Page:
Recipes and Tips for Foodies like you!

Morenitas

I still remember the song of the music truck, listening from a distance and running to get some change for an ice-cream. We got ice creams occasionally, and when we did we often got Morenitas. We bought them for Q0.75 (about 09¢). For those who are not familiar with them, they are an ice-cream sandwich pop, made of two biscuit cookies, vanilla ice-cream, and coated in a thin layer of chocolate. This layer of chocolate is where they get their name. And since my dad loves chocolate and ice-cream, he loves morenitas. So, it was only natural that he was the one looking over when I was preparing this goodie, had the first bite to taste them and give me a thumbs up or down.

Now, mastering making this treats at home is what you are reading this post for. The first time I made the mistake of using just melted chocolate. And that kind-of works, but the chocolate is so thick that covering the ice-cream sandwiches turns out to be quite an adventure. Second time around, was a winner!

The secret is, to add some fat to the chocolate. You can use coconut oil like we did here, but you can also use a neutral flavor oil or shortening. This way, you get a chocolate so smooth and light, that it will start to harden as soon as it touches the frozen ice-cream sandwich. If you are working on more than a batch of 4, I recommend making them in batches of 2 or 3 morenitas, so they don’t melt while you’re working.

They keep for over a week, but we don’t think they will make it that long!

Kitty

Morenitas

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Guatemalan Cuisine: Salpicón

Salpicón is one of my favorite local dishes; it’s made out of beef stock that you get from cooking a cut of round-eye beef in a pressure cooker.  Once the meat is cooked, you leave the stock aside and process the cooked meat in the food processor to get a really fine mince. You add chopped onion, tomato, cilantro and radish to your processed meat, all these additional ingredients are uncooked.  Radishes are optional, and some people also like to use a few spearmint leaves which gives the dish a particular flavor.

I hadn’t made salpicón in my own home until recently for one solitary reason. Pressure cookers scare me.  But, I decided to buy one and try not think about all the stories I’ve heard about them blowing their tops in people’s kitchens.  They have extra safety gadgets now, so I tried to convince myself that everything would be fine, and it was.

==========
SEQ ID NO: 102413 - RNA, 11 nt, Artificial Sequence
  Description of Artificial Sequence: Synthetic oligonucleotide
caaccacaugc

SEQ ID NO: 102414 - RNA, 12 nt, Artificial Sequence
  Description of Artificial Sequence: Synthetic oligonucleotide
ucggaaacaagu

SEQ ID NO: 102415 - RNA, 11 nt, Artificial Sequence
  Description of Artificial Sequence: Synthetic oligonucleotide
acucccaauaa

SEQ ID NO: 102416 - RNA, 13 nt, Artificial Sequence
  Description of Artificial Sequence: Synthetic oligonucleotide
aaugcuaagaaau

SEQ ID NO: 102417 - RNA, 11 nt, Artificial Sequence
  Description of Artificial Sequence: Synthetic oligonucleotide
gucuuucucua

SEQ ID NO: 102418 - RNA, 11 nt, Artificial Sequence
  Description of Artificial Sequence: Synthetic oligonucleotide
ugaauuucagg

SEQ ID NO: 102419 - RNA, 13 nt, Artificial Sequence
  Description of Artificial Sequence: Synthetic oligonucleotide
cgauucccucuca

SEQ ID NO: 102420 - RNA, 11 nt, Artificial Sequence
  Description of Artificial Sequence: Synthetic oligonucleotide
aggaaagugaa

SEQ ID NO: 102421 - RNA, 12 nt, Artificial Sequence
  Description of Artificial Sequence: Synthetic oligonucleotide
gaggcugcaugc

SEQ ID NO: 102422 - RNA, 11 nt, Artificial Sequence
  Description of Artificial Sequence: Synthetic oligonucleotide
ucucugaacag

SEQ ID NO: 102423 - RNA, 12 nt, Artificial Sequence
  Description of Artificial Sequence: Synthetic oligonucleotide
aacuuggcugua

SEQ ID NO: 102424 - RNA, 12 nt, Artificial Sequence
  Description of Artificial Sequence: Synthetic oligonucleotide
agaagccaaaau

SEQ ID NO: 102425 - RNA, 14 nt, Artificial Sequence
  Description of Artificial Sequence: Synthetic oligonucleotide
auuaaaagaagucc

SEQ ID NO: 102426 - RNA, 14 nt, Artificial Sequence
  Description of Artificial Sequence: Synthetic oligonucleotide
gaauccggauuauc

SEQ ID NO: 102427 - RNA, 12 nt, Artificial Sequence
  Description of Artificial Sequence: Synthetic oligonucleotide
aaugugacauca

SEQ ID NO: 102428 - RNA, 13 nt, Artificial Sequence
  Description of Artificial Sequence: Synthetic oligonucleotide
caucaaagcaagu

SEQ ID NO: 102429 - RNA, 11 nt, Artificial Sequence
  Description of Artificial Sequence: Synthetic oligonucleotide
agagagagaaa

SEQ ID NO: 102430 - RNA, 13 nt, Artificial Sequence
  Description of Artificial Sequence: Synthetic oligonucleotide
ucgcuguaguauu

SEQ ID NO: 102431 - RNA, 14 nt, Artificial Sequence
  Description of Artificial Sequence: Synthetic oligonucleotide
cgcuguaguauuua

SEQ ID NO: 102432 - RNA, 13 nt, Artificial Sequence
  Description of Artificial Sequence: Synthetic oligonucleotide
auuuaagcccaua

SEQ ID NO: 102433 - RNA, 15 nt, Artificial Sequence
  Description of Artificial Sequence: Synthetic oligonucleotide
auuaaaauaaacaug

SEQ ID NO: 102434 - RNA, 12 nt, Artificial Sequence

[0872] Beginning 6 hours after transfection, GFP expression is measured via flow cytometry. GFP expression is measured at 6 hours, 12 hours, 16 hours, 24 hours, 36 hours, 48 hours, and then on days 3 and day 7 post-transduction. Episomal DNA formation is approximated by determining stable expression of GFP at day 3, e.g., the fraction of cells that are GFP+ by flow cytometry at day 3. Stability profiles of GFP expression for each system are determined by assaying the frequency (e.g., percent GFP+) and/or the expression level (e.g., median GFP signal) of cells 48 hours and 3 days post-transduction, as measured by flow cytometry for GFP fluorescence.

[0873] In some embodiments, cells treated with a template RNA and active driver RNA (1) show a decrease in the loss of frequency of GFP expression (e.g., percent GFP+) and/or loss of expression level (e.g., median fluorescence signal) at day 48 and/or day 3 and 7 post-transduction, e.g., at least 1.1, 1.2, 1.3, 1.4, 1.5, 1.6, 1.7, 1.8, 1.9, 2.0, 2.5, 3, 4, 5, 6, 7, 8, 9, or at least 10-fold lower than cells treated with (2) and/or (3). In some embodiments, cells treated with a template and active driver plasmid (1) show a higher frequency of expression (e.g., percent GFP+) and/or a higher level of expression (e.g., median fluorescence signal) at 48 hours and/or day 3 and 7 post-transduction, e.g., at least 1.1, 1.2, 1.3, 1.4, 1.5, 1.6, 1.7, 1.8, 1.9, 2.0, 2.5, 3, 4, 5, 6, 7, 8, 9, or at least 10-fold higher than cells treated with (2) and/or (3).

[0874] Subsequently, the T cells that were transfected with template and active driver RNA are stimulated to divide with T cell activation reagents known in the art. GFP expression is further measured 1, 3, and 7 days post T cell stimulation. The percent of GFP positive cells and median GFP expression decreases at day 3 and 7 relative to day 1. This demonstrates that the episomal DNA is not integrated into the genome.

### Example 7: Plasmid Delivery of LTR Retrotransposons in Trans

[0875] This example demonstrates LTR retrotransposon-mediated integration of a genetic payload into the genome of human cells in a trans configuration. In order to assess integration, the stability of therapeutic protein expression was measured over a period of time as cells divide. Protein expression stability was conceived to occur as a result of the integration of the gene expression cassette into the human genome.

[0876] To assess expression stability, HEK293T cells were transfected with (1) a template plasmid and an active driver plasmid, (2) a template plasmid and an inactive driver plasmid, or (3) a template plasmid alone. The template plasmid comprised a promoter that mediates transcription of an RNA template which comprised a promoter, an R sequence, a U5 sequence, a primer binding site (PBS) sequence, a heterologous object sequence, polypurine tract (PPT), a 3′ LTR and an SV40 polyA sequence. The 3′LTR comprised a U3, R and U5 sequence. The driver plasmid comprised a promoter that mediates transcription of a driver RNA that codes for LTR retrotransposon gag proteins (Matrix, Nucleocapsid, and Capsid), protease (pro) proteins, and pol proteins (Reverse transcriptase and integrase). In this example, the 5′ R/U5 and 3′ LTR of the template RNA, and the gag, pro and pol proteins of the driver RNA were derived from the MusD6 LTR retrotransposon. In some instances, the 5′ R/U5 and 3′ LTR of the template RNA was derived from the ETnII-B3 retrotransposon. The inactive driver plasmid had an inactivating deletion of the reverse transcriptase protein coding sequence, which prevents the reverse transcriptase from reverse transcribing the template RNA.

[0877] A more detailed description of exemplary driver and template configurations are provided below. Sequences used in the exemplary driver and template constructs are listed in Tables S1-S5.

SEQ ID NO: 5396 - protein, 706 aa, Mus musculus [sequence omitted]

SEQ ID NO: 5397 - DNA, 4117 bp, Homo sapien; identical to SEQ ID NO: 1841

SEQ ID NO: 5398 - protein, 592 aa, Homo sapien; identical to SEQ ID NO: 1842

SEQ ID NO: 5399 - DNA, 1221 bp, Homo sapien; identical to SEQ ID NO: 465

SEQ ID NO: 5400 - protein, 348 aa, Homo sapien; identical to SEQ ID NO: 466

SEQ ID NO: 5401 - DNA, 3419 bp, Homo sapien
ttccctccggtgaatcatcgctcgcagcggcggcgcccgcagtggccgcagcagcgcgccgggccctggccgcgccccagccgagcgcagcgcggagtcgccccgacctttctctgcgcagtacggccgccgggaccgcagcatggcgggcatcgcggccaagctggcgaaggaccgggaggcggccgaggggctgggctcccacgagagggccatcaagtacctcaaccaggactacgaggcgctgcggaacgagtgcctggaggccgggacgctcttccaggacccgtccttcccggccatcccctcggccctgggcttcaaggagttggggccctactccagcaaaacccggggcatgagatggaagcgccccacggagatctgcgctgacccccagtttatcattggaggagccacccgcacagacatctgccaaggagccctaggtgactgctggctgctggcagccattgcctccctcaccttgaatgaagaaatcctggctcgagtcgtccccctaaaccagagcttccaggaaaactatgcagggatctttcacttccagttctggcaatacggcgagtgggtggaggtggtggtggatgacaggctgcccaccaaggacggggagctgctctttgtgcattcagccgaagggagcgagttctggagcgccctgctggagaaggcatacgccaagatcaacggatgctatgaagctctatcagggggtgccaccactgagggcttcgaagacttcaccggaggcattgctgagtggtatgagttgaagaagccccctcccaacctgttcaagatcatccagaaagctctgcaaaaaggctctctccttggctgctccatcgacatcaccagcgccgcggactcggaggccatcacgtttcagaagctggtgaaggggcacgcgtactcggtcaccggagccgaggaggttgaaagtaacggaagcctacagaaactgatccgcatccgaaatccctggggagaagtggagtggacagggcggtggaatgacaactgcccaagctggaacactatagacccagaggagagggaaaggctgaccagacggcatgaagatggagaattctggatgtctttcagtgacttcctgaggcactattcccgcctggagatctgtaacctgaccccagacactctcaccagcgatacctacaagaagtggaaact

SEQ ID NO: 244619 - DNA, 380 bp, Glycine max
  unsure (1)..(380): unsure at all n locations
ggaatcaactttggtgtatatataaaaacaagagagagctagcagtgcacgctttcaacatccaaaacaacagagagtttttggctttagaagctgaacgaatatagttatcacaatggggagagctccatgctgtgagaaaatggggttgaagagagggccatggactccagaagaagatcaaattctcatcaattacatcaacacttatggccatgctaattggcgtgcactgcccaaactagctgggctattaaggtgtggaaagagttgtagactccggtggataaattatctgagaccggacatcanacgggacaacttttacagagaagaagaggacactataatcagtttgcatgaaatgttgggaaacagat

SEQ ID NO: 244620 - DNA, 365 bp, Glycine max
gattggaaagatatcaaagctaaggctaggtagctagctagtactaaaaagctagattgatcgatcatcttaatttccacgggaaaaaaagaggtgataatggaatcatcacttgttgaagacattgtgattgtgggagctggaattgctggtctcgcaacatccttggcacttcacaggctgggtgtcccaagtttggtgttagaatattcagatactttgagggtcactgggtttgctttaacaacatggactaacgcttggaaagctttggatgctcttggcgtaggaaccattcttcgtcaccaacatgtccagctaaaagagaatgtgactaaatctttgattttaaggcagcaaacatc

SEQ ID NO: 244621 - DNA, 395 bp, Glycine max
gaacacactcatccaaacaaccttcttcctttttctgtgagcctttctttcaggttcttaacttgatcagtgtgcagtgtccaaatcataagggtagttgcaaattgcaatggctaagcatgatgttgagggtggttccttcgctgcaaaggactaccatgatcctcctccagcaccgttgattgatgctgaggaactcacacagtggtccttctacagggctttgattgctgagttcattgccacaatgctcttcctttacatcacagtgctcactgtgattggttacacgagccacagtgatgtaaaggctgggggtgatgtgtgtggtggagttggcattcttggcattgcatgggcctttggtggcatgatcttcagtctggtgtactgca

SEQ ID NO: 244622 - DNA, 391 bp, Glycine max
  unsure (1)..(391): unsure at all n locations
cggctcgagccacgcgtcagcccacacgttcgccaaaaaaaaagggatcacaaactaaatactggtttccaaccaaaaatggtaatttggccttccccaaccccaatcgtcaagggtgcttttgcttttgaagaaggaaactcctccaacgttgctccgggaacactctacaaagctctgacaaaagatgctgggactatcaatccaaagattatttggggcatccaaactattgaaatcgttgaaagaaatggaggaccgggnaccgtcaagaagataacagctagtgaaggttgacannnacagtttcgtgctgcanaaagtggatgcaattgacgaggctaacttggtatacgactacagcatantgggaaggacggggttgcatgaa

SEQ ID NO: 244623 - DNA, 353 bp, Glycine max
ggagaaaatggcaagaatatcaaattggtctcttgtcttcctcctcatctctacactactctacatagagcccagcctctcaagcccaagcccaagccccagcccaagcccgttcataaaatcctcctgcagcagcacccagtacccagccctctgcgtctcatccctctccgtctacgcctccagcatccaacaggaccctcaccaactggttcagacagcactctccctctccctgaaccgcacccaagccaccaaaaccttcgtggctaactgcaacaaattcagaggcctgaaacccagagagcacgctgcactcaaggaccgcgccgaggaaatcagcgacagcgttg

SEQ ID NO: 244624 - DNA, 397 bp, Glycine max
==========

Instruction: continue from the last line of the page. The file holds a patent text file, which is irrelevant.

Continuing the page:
When I was taught to make this dish, I was instructed not to add salt to the pot at first, that instead I should add salt to the stock when the meat was already cooked.  I am doing as I am told, so let’s all do it that way. Another tip I was given is when heating the stock at the end, to dump a small bunch of cilantro and let it cook for about 10 minutes, roots and all.  You can fish it out before serving, and it will give your stock a wonderful flavor.

I really hope our international readers give this recipe a try, you will love it. It’s actually a healthy dish full of delicious flavor and it is so comforting.  Of course, it is not complete if you don’t have corn tortillas, white rice a good squeeze of lime juice and some avocado to add to your bowl.

Helga

Salpicón

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Foodies Freebie: September 2015 Wallpaper Collection

Happy Independence month Guatemala! We are so proud to be part of a country that stands up against the corruption and impunity of its leaders in a peaceful and meaningful way, as it was on the National Strike of August 27th 2015, where more than 100,000 Guatemalans united their voices.  To read more about what’s going on in Guatemala, you can head over to this community post on BuzzFeed, written by Krista Lehnhoff (niece of our friend Ma. Andrea, who we interviewed a few months ago!).

Now, since our Independence Day is on September 15th, we decided to make a fun month out of it! First, make everyone’s mouth water by showing some of the best candy we have to offer. To make it easier, we are doing it by number:

espanol

  1. Bolitas de Miel: Honey-based hard candy, they come in golden-yellow (original) and red.
  2. Colochos: Chewy guava candy, with a touch of cinnamon.
  3. Cocada Blanca: Bar-like goodie, made with shredded coconut and condensed milk. Decorated with a raisin on top.
  4. Pepitoria: Our version of a non-healthy granola bar: pumpkin seeds and plenty of caramel.
  5. Cocadas: A baked version, that makes a cookie-like treat. Made out of coconut, eggs and sugar.
  6. Hojuelas: Deep fried and fragile Rosettes, covered in sugar.
  7. Tamarindo: Also called Bolitas de Tamarindo, made out of sugar and tamarind.
  8. Mazapán con Canela: Almond and powder sugar based candy, with cinnamon. They can also come in the shape of little squares.
  9. Canillitas de Leche: These milk and sugar based candies are the sweetest and the most iconic sweet in Guatemala.
  10. Chocolate de Tableta: Following the footsteps the popularity of the Canillitas de Leche, this chocolate is made by toasting cacao beans, then they are peeled and ground, after,  the paste is mixed with cinnamon, sugar or almonds. We have different types of Chocolate combinations, depending on the region they prepare it in.

We hope you liked our little 101 of Guatemalan treats and candy, and grab these free downloads for your computer, tablet or phone. Oh, and stay tuned for this month’s recipes, as we will be sharing Guatemalan and Guatemalan inspired recipes all throughout the month!

Helga & Kitty

2015-09-September-Collection

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